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Understanding the Role of Trusts in a Connecticut Estate Plan

Posted on in Estate Planning

Metro New York area Estate Planning attorney

Many people equate estate planning with creating a last will and testament. While a will can certainly be a useful estate planning tool, several other estate planning instruments may also benefit you and your loved ones. Trusts are commonly used to transfer assets without needing to go through the probate process. Trusts are especially beneficial for individuals with minor children or wish to leave an inheritance to someone with a disability. Utilizing trusts in your estate plan can also help you protect assets from creditors and minimize estate taxes.

How a Revocable Living Trust May Benefit You and Your Family

There is a trust for almost every estate planning objective a person can have. However, most trusts fall into two main categories: revocable trusts and irrevocable trusts. A revocable living trust is a trust that you establish during your lifetime and use to transfer assets to heirs upon your death. You maintain control over the property in the trust until you pass away. At this point, your successor trustee takes control of the assets and manages the distribution of those assets. Living trusts are revocable or adjustable. Assets transferred through a living trust do not have to pass through probate, meaning that the assets are transferred to beneficiaries more quickly than assets transferred through a will.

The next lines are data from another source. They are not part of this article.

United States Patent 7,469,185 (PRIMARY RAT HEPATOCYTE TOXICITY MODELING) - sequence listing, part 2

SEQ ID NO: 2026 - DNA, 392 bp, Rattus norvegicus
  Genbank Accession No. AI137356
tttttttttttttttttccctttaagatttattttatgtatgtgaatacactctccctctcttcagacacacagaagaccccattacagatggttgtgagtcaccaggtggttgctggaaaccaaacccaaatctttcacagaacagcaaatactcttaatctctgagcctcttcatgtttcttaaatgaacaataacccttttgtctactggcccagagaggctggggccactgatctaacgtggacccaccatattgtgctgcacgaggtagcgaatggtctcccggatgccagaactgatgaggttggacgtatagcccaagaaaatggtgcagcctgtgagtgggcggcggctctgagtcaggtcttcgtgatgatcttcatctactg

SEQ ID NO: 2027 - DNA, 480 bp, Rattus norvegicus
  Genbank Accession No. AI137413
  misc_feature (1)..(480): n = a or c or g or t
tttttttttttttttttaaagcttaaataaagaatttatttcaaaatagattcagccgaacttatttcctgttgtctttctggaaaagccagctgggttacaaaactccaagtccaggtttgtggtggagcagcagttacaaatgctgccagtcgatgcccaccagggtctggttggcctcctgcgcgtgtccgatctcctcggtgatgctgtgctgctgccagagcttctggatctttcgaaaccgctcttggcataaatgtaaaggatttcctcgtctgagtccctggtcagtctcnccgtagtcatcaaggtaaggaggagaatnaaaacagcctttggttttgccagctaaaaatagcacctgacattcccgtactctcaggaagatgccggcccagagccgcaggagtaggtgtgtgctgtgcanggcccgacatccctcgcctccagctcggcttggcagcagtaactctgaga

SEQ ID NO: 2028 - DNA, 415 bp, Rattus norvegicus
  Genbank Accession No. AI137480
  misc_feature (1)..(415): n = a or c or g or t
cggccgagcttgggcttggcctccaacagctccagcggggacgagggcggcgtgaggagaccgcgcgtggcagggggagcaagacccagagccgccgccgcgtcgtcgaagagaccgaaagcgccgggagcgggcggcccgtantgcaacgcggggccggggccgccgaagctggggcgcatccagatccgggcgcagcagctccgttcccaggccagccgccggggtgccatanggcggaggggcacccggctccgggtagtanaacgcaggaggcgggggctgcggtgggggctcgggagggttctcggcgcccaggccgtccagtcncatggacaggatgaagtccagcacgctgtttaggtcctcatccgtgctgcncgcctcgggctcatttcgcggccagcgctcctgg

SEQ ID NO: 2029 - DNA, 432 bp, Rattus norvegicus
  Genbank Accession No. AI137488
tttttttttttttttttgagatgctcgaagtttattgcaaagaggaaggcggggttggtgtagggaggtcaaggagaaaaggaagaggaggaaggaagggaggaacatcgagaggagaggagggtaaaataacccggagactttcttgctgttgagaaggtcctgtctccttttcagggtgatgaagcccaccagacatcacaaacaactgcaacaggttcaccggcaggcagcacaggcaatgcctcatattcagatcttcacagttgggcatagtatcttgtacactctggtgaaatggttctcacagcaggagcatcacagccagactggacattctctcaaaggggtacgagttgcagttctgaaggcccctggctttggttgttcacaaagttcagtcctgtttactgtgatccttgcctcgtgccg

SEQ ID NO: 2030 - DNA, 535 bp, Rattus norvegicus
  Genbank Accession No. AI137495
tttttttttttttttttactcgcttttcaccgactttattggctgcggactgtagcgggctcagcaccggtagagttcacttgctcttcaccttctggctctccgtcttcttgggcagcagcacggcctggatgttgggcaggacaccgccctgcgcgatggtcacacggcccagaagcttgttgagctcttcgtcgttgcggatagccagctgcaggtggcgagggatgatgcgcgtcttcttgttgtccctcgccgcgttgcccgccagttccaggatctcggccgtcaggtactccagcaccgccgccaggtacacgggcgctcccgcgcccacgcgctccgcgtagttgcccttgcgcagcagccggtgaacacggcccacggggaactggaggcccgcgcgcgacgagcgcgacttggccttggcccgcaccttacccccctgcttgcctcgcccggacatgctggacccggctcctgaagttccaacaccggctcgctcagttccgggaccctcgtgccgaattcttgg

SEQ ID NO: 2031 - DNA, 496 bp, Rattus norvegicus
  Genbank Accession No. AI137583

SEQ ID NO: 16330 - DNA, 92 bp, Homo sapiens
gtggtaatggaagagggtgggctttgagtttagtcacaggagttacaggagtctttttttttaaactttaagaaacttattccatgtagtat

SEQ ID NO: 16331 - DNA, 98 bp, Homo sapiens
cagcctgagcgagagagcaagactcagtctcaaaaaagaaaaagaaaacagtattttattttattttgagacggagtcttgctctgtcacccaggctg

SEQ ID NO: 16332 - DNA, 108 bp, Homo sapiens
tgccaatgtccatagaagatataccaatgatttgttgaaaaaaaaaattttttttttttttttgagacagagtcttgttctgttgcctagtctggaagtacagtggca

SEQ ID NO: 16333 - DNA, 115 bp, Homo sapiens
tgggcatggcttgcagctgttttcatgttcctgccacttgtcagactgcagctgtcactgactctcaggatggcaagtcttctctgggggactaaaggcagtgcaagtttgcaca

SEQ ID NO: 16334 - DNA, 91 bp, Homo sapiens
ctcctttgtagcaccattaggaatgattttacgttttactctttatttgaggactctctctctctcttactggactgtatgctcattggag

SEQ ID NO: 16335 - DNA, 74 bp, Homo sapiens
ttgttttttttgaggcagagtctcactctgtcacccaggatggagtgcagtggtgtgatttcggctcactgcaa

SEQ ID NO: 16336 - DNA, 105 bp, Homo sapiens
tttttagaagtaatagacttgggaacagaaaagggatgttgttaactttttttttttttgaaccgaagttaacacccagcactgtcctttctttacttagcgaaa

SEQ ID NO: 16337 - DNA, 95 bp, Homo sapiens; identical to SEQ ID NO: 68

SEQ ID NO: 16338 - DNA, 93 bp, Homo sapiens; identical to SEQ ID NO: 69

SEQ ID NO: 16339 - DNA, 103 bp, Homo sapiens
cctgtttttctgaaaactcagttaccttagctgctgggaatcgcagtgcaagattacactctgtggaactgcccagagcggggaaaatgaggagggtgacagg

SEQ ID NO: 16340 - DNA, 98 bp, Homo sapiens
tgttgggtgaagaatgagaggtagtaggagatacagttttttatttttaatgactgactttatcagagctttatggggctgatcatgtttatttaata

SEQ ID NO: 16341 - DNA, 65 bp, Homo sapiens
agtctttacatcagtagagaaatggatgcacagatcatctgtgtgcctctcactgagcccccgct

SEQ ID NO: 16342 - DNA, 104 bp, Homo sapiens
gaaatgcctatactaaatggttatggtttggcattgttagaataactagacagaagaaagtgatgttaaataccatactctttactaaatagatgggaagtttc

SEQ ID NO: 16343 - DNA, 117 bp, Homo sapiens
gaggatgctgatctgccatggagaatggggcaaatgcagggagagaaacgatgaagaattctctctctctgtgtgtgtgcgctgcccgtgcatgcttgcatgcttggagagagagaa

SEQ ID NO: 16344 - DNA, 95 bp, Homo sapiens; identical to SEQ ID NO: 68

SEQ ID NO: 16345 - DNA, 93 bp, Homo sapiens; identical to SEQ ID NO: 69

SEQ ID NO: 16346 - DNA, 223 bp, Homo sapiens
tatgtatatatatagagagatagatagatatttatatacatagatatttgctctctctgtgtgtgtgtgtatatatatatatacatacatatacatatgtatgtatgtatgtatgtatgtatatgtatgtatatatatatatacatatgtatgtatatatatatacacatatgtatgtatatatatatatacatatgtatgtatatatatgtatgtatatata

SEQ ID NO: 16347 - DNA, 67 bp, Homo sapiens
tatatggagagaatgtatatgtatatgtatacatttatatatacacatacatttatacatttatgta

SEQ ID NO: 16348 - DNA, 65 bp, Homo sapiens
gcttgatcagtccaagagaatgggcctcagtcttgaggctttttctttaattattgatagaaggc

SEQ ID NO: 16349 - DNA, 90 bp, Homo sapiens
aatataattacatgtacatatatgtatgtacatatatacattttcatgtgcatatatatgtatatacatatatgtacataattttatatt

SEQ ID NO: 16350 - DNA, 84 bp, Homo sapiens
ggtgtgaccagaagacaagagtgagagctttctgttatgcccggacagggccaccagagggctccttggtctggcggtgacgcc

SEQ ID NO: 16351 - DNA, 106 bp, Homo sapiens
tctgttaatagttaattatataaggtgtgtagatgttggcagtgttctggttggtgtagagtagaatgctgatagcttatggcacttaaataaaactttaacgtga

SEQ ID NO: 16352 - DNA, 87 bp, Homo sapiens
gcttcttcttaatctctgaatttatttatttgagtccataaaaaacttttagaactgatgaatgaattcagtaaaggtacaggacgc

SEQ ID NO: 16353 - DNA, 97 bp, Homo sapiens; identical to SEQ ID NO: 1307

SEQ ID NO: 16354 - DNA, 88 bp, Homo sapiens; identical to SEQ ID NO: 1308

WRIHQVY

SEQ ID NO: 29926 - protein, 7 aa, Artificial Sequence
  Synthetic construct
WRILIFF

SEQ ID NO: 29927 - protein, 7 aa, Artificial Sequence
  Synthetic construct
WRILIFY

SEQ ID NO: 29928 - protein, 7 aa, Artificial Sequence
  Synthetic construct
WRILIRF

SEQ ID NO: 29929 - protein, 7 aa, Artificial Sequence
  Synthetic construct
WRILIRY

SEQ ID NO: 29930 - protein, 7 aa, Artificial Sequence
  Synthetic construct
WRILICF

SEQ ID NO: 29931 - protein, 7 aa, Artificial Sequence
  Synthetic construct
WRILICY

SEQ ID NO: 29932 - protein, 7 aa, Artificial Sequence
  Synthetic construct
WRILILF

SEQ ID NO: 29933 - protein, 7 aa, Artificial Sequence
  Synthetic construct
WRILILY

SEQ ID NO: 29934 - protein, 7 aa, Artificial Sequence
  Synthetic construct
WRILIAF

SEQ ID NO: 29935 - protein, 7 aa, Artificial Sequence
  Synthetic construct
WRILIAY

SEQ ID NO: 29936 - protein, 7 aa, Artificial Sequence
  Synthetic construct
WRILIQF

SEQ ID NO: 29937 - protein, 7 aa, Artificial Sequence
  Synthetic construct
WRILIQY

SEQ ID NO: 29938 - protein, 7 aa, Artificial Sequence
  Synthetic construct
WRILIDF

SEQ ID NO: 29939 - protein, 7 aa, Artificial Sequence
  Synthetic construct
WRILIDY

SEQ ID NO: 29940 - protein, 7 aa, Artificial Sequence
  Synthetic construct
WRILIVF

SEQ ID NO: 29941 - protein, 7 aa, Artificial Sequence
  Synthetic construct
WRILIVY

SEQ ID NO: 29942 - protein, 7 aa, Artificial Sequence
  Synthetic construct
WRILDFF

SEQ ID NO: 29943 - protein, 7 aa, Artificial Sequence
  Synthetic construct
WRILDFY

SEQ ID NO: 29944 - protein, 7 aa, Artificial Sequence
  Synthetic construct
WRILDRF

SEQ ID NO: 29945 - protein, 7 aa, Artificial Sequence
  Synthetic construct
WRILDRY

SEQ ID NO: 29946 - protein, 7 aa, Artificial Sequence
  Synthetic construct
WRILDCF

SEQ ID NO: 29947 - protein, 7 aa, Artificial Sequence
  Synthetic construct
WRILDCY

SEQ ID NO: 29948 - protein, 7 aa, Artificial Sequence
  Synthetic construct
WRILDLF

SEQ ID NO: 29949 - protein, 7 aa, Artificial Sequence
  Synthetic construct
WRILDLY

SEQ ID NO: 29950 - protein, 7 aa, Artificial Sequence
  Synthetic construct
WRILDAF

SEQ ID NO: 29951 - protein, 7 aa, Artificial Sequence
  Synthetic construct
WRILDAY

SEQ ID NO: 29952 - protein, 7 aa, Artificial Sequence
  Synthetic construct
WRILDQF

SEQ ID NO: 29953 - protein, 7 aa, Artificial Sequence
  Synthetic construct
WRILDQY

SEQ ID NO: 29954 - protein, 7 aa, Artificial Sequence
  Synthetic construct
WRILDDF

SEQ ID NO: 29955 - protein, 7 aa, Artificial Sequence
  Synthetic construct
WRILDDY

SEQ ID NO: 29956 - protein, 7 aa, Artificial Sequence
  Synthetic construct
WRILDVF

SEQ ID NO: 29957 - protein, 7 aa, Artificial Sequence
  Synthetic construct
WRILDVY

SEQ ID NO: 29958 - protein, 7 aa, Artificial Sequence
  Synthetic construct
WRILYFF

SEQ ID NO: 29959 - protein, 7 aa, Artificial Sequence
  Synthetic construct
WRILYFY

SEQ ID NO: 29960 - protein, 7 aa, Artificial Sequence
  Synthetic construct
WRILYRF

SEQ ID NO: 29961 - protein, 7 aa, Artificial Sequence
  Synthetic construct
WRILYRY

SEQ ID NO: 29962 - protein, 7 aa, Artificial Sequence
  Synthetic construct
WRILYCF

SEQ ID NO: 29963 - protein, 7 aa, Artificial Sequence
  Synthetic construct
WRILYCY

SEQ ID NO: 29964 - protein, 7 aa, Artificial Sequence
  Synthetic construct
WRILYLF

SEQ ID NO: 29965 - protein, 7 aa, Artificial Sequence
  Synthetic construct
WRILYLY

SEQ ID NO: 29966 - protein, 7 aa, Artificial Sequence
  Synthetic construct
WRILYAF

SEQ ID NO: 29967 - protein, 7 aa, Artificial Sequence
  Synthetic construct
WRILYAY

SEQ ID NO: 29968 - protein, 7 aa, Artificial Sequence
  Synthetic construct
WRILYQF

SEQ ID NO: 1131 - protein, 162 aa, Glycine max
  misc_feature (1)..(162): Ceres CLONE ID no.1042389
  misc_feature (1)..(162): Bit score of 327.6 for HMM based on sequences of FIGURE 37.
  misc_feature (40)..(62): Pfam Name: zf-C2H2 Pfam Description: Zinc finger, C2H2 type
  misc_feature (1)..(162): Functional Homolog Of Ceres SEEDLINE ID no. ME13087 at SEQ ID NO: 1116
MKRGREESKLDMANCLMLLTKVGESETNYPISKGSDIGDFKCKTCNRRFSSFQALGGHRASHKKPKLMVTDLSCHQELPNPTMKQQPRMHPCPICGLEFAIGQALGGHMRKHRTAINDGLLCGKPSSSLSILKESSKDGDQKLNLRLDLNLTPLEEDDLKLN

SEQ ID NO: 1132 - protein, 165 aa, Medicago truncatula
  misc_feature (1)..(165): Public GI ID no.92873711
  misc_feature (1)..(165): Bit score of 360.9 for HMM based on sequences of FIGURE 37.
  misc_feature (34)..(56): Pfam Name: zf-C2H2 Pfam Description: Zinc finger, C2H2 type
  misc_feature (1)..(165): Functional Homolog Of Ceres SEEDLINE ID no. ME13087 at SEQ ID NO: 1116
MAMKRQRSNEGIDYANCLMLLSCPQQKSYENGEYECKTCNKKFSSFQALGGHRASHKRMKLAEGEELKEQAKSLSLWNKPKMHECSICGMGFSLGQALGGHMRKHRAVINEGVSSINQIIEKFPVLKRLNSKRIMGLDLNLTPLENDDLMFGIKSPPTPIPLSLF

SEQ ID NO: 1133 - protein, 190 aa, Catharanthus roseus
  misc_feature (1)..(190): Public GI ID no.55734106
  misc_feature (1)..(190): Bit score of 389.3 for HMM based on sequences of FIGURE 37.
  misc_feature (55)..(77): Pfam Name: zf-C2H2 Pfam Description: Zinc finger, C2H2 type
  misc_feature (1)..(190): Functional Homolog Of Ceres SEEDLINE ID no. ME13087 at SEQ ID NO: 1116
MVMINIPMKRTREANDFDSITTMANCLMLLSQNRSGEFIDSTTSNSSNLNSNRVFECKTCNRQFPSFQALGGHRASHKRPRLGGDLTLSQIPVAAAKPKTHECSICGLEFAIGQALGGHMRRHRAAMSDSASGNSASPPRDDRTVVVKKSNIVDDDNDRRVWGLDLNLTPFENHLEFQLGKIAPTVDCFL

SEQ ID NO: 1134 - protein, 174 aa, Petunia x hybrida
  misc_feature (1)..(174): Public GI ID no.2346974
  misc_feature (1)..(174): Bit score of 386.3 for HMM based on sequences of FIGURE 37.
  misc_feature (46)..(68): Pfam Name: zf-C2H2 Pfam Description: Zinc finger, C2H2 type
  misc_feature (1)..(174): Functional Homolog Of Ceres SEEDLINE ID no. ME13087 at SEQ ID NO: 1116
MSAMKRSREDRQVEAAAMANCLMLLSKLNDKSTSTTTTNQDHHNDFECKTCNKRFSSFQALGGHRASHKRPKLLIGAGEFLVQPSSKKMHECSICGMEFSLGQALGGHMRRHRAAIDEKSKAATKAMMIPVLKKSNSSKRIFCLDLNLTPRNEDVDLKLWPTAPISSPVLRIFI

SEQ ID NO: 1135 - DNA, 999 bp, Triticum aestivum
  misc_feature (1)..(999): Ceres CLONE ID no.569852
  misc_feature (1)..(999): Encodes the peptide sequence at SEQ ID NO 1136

Irrevocable Trusts May Provide Tax Benefits and Protect Assets from Creditors

An irrevocable trust may only be modified in specific situations. Fortunately, legislative changes that took effect on January 1, 2020, made it easier to modify irrevocable trusts in Connecticut. When a property is placed in an irrevocable trust, the trust becomes the owner of the assets. This can dramatically decrease the size of the grantor’s taxable estate. Furthermore, an irrevocable trust may allow you to avoid paying taxes on the income generated by the assets contained in the trust. Property in an irrevocable trust is also protected from creditors or future legal judgments.

Contact a Connecticut Estate Planning Lawyer

There is a multitude of estate planning tools available to Connecticut residents. The estate planning instruments that are right for you will depend on your financial circumstances, personal objectives, and estate planning needs. At Ivey, Barnum & O’Mara, LLC, we understand the advantages and disadvantages associated with various estate planning strategies. Our Stamford estate planning attorneys can help you design a plan that works for your unique situation. Call our office today at 203-661-6000 to set up a free consultation.





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